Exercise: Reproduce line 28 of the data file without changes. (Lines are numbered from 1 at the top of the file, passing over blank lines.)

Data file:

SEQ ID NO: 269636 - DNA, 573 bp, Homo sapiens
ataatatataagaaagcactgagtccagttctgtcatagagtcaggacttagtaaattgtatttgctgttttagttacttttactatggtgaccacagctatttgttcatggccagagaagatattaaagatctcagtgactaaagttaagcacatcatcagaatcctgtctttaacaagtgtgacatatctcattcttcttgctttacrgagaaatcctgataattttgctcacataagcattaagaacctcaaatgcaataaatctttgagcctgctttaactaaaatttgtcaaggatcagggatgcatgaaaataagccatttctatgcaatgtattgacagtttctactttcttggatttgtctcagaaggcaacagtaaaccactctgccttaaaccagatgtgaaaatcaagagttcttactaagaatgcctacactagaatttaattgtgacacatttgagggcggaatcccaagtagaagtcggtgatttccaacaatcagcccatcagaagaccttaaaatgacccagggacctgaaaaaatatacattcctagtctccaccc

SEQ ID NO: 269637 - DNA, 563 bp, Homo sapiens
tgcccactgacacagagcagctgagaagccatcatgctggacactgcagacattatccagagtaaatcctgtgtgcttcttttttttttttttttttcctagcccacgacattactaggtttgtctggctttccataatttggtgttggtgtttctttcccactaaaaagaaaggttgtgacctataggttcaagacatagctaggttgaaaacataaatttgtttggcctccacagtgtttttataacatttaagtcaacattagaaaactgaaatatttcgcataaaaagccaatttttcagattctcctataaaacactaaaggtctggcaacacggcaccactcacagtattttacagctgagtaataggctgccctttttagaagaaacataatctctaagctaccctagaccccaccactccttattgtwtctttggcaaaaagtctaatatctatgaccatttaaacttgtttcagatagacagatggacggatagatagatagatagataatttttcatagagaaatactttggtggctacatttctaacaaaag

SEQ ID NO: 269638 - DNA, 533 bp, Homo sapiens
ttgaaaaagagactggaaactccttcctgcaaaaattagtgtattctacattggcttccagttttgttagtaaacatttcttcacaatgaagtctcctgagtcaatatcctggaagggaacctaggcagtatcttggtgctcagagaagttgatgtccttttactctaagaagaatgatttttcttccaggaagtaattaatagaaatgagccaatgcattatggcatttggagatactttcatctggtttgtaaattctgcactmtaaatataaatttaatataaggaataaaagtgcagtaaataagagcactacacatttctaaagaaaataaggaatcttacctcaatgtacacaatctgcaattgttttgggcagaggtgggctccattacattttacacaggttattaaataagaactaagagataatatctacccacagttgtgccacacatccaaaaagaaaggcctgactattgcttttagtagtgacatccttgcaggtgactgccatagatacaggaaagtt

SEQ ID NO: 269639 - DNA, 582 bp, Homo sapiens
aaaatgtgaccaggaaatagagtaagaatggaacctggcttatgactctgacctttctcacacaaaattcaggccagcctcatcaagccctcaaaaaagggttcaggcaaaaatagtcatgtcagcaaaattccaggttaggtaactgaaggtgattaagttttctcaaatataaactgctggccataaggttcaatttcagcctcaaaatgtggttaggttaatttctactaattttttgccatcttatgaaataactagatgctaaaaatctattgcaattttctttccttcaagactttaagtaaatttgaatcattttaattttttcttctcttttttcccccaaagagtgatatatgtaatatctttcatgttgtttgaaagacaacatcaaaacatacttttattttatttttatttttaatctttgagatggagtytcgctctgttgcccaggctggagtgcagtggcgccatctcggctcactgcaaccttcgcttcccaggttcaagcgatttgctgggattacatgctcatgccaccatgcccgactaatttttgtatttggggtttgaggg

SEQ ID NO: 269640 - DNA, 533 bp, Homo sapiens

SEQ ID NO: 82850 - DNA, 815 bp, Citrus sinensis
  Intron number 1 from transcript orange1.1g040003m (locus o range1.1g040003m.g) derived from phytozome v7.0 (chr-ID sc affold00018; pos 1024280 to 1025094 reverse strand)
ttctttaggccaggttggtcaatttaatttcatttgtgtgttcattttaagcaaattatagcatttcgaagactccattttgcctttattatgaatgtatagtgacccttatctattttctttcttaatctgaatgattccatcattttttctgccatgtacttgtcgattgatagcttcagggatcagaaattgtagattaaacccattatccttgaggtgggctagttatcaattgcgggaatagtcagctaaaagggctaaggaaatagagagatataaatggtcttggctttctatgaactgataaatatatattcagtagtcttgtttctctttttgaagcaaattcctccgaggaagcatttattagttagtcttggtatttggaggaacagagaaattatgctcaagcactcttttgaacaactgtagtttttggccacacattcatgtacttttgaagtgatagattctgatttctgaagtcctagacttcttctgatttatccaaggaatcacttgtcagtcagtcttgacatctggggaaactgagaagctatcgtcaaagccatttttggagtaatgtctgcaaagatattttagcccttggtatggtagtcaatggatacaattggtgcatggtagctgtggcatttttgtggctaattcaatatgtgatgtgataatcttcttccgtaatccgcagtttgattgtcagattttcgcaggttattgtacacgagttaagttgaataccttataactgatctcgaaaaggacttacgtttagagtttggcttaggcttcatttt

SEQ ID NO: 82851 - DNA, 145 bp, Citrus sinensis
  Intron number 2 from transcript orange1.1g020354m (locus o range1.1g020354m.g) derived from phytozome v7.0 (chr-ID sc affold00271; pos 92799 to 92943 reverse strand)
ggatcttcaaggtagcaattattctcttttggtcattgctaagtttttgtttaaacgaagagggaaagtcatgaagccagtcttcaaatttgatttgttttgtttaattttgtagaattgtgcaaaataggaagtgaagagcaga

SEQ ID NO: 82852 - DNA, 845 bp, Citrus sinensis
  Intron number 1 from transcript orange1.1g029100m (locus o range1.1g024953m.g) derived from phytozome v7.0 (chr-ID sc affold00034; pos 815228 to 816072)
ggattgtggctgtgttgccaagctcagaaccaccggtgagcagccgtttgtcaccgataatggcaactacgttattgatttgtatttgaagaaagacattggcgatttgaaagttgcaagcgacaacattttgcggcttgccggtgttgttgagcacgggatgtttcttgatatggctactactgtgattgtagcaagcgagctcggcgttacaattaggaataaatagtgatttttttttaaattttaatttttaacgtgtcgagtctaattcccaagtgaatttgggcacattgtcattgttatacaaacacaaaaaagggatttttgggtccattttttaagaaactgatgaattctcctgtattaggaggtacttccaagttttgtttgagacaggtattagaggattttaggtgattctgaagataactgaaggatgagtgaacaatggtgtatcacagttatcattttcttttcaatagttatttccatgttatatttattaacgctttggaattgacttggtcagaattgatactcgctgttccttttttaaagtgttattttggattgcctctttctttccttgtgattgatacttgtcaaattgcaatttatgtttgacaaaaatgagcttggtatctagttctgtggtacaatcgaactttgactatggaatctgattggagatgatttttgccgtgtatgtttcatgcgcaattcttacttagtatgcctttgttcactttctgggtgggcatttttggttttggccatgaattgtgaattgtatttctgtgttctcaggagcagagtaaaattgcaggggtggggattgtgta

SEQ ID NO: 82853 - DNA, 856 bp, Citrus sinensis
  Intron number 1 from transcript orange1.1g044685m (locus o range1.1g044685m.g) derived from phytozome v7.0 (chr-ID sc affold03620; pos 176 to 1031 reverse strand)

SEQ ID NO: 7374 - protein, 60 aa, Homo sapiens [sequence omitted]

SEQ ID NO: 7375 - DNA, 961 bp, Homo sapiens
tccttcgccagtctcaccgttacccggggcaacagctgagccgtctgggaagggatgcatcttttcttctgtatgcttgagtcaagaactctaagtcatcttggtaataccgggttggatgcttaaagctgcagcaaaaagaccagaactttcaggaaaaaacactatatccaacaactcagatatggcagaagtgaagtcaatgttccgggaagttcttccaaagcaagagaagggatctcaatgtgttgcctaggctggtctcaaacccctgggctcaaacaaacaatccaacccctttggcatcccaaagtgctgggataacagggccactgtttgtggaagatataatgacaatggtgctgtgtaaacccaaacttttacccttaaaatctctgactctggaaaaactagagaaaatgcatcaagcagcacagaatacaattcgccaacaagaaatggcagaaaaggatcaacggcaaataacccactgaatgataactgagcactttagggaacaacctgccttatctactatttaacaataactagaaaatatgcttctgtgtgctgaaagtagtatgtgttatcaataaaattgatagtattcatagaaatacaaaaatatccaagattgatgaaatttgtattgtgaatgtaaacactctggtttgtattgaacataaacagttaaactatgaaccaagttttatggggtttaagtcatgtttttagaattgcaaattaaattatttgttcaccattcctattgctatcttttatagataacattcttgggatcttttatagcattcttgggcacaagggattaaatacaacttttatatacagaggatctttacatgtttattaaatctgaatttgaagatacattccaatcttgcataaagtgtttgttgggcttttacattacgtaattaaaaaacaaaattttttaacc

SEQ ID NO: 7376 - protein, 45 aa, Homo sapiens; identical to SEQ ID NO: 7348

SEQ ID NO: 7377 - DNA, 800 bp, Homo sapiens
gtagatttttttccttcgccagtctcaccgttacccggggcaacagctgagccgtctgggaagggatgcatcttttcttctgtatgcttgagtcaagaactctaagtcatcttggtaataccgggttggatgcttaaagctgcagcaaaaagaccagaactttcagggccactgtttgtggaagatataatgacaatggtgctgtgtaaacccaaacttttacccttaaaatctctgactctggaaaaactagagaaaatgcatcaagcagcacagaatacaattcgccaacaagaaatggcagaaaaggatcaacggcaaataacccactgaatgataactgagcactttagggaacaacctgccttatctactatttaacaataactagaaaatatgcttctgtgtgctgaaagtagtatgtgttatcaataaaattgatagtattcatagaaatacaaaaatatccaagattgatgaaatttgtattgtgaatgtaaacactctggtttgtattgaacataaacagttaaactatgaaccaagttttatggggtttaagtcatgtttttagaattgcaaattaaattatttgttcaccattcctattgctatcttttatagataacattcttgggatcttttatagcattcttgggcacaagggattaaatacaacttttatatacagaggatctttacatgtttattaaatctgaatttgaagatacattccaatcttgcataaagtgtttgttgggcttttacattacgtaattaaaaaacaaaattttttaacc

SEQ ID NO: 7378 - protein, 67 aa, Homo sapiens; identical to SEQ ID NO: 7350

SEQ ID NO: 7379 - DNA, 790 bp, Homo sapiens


SEQ ID NO: 7379 - DNA, 790 bp, Homo sapiens